Friday I read where another big investor is negative on the euro. John Taylor, founder of the world’s largest currency hedge fund, says the euro will send to parity against the dollar. “It should be lower than it is,” Taylor said in an interview on Friday. “It’s a distinct possibility that the euro could weaken to trade on a one to one basis with its US counterpart in the next 18 months.” Back in January Taylor said the euro was going to fall below parity in 2011, so he has been a euro bear for some time.

The euro has been amazingly resilient in the face of all of the negative news from the debt crisis. The euro is currently trading at 8.3% above the average since it began trading in 1999. Probably a sign that investors just don’t have a good alternative.

Chuck is taking some time off of the desk, but is still keeping up on the news of the currency markets and sent me his thoughts on things late last night:

So… Here goes… I’m sitting here tonight, and reading things about Europe… It’s “Europe this”, “Europe that”, “they can’t make it” and so on… But where’s the “US this”, and “US that”, and “how are we going to make it”? You have to be a real sleuth to find stuff like that (other than right here in the Pfennig, of course!) Because, I’ve always been an Aaron Neville king of guy, and tell it like it is… Don’t be afraid, to let your conscience be your guide…

The Big Boss, Frank Trotter shows a slide during some of his presentations that goes through the statistics for US population, investable worth, and all that, and then shocks the audience by showing them that the MEDIAN investable worth in the US is about $8,000… I was reminded of this slide and presentation by Frank, when I read this piece of data tonight…

The retirement crisis in the United States just continues to get worse. According to the Employee Benefit Research Institute, 46 percent of all American workers have less than $10,000 saved for retirement, and 29 percent of all American workers have less than $1,000 saved for retirement.

So… It’s quite obvious that the US can’t depend on its taxpayers to bail the government out of this debt mess… That’s why the government has to depend on the kindness of strangers… Foreign investment… Or to put it simply, buying our debt, which is represented by US Treasuries…. The people running the government don’t believe that they have to reduce the deficit spending, for to them, “the foreigners always show up to buy our debt”… Well… As I showed on Friday last week, the Chinese are reducing their appetite for our debt… Slowly… Think about that for a minute… It’s the old frog in the boiling pot of water explanation… If you put the frog in a boiling pot of water, the frog will immediately jump out… But if you put him in the pot of water and slowly turn the heat up a little at a time, before the frog realizes the water is too hot, he’s cooked!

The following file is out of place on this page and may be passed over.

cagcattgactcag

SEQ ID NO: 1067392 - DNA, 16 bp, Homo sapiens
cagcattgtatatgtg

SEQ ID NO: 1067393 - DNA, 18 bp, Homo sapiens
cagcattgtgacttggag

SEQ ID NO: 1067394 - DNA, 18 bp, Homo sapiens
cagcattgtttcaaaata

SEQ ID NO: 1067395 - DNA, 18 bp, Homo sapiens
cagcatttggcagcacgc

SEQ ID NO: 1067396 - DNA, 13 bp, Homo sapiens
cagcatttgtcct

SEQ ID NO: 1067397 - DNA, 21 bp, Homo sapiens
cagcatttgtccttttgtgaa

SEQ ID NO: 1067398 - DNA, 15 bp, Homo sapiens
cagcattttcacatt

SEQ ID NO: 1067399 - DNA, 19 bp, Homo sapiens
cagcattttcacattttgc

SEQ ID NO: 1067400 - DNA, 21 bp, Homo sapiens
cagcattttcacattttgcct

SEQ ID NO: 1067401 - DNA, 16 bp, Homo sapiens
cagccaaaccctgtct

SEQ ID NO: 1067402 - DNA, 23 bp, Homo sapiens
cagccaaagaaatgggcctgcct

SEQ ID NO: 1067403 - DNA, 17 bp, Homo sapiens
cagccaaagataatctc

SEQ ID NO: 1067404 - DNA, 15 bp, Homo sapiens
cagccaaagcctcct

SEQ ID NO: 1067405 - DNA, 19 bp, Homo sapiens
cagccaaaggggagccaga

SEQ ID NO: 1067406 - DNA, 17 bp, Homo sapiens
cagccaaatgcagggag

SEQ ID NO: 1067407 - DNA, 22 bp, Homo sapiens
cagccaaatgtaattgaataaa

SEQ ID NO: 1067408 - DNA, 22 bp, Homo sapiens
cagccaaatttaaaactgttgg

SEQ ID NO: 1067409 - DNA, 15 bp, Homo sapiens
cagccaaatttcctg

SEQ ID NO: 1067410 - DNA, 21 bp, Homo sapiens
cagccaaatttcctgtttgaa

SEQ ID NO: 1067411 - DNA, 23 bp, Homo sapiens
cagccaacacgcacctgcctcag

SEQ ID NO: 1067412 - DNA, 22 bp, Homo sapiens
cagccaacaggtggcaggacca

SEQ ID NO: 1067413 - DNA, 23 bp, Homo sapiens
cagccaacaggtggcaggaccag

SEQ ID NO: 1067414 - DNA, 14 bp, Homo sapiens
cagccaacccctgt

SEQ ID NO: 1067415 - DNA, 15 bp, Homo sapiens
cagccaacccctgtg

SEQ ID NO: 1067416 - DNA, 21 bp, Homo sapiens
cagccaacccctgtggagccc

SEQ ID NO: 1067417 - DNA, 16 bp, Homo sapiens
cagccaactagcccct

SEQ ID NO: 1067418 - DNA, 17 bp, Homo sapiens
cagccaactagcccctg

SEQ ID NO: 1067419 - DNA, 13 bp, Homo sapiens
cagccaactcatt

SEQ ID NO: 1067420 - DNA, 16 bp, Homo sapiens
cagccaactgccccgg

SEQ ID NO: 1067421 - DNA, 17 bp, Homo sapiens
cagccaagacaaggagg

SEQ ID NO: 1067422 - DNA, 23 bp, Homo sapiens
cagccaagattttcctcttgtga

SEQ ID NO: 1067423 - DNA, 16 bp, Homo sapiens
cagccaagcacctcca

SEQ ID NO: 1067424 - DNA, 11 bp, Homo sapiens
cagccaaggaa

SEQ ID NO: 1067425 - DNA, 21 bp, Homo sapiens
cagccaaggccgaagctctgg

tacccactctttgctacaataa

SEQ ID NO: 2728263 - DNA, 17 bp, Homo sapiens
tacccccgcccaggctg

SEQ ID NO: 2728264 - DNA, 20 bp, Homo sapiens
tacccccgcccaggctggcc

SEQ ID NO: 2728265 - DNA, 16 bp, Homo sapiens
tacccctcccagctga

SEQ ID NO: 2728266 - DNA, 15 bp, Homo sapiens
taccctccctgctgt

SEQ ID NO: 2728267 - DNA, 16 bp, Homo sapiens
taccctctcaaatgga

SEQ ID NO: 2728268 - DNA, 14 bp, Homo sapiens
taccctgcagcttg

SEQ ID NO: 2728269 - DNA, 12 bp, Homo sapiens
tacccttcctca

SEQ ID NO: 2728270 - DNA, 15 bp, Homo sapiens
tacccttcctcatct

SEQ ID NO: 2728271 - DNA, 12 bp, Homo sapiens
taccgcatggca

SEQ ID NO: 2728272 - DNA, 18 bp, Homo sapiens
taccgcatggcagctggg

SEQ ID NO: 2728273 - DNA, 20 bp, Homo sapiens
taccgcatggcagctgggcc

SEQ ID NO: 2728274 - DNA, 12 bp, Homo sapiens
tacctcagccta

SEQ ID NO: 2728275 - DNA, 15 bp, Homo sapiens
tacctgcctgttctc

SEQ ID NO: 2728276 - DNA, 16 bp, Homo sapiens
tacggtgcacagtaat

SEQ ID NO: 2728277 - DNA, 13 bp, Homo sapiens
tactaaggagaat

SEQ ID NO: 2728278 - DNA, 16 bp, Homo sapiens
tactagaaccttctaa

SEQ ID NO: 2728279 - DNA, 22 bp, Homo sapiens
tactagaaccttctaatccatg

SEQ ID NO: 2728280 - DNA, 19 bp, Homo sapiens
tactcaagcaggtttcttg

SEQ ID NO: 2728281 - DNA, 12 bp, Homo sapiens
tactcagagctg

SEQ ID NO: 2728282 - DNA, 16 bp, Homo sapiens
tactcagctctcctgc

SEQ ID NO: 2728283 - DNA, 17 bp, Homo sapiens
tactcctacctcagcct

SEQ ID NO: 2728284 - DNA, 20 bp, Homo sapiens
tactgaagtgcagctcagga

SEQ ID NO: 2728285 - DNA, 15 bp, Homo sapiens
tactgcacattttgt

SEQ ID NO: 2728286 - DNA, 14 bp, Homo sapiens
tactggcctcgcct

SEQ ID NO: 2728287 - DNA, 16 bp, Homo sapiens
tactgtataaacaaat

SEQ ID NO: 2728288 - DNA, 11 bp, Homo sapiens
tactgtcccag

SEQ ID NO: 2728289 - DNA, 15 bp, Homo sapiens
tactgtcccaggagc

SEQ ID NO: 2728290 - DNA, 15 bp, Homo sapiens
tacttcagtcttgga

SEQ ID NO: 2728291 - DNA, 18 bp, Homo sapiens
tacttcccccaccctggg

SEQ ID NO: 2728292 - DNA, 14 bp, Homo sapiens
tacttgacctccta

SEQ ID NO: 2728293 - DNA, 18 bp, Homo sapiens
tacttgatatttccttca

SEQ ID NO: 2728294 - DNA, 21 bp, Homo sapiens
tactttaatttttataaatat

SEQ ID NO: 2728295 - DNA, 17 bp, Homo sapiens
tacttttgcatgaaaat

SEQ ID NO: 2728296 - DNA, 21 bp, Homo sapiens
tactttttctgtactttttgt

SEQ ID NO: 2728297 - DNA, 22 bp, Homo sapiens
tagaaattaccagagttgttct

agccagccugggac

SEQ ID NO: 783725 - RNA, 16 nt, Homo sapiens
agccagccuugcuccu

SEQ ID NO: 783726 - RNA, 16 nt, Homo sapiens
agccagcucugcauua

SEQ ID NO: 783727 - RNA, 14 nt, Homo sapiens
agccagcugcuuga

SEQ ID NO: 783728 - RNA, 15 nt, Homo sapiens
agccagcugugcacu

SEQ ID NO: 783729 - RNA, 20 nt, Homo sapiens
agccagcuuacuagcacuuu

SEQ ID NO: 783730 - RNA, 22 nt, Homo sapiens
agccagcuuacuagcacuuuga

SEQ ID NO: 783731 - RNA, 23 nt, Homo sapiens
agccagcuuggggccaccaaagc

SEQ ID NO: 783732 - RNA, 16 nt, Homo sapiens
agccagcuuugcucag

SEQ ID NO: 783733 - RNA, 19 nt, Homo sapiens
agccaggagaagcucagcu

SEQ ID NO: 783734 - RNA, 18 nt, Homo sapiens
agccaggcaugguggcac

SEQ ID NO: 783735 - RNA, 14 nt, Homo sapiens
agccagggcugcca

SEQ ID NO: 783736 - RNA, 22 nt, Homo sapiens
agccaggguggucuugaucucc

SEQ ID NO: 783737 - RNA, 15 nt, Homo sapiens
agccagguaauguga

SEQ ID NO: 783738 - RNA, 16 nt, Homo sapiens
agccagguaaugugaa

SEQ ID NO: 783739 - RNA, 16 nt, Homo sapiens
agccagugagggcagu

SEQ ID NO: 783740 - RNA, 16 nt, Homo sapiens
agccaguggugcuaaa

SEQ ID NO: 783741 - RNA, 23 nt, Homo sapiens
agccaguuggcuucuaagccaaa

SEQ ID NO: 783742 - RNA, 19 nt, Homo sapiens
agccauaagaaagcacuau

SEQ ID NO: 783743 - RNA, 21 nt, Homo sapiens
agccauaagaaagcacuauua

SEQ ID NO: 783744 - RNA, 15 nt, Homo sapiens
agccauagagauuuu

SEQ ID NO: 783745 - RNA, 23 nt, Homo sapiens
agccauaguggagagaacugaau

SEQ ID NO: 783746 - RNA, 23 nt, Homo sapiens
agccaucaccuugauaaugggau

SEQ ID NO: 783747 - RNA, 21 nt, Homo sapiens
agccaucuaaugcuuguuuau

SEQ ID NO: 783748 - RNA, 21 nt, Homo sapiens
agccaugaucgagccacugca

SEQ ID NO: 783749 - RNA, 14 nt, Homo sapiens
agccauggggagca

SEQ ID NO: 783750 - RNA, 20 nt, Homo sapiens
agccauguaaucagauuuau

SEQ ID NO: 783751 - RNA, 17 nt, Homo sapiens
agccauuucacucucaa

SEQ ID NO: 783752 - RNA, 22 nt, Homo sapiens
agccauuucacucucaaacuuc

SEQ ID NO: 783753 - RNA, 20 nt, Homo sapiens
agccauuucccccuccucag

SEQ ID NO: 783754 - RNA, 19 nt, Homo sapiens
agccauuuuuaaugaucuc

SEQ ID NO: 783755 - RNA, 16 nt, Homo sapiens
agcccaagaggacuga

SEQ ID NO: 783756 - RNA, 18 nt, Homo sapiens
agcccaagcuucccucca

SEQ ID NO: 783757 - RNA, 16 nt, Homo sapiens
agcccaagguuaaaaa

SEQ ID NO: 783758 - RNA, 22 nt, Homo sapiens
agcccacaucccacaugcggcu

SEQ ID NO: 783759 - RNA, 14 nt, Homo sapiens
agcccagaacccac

Well… Before the US government realizes that the foreigners have been slowly reducing their appetite for Treasuries, the US government will be cooked! And when that happens, folks… All the people who laughed at me 10 years ago (and counting)… All the people who said the US would never have to worry about foreigners buying our debt… All the people who thought investing in currencies and metals was “unpatriotic”… They’ll also be cooked!

Thanks again to Chuck for sending me his thoughts to include in the Pfennig. Chuck just can’t take a vacation from the markets!

The European crisis is sending ripples across the continent. Sweden’s Riksbank is expected to cut rates for the first time since 2009 as the largest Nordic economy feels the impact of Europe’s debt crisis. Most economists are predicting a 0.25% cut in rates, but some believe the Riksbank will make a more dramatic 0.50% rate cut.

Swiss economic growth is predicted to grind to a halt next year and is expected to grow just 1.9% in 2013 according to the KOF Economic Institute. SNB President Phillip Hildebrand will be meeting with the government today and will undoubtedly discuss his efforts to peg the Swiss franc (CHF) to the euro. The Swiss franc will end the year basically flat versus the US dollar as the large gains of the first half of the year were offset by the SNB’s fixing of the franc to the euro.

The Aussie dollar (AUD) and New Zealand dollar (NZD) both rallied on Friday as investors felt more confident regarding the global economic recovery. But these small gains were erased in early trading today as the news of the death of North Korea’s leader has shaken the markets.

Silver is down a bit as I write, but gold is slightly higher. Not much to report on the metals, as they both are trading in a pretty tight range.

Then there was this… The SEC brought charges against several former executives of the embattled mortgage giants Fannie Mae and Freddie Mac. They charged the six executives with securities fraud, saying they misled the public about the companies’ exposure to subprime loans during the mortgage meltdown. It is good to see someone finally having to face the music, but I have to think that there are many more executives with NY addresses who need to be brought up on some charges. While the mortgage giants certainly had a hand in the meltdown, the real crimes were committed on Wall Street.

To recap… North Korea’s leader dies, and causes some safe haven buying in the currency markets. The European debt crisis continues, and the rating agencies continue their downgrades. The ECB President refuses to step up bond buying, backing loans to European banks instead. Chuck is sick of all the Europe talk and instead focuses his attention on the US. And Fannie and Freddie execs are charged with fraud by the SEC.

Chris Gaffney
for The Daily Reckoning

The Daily Reckoning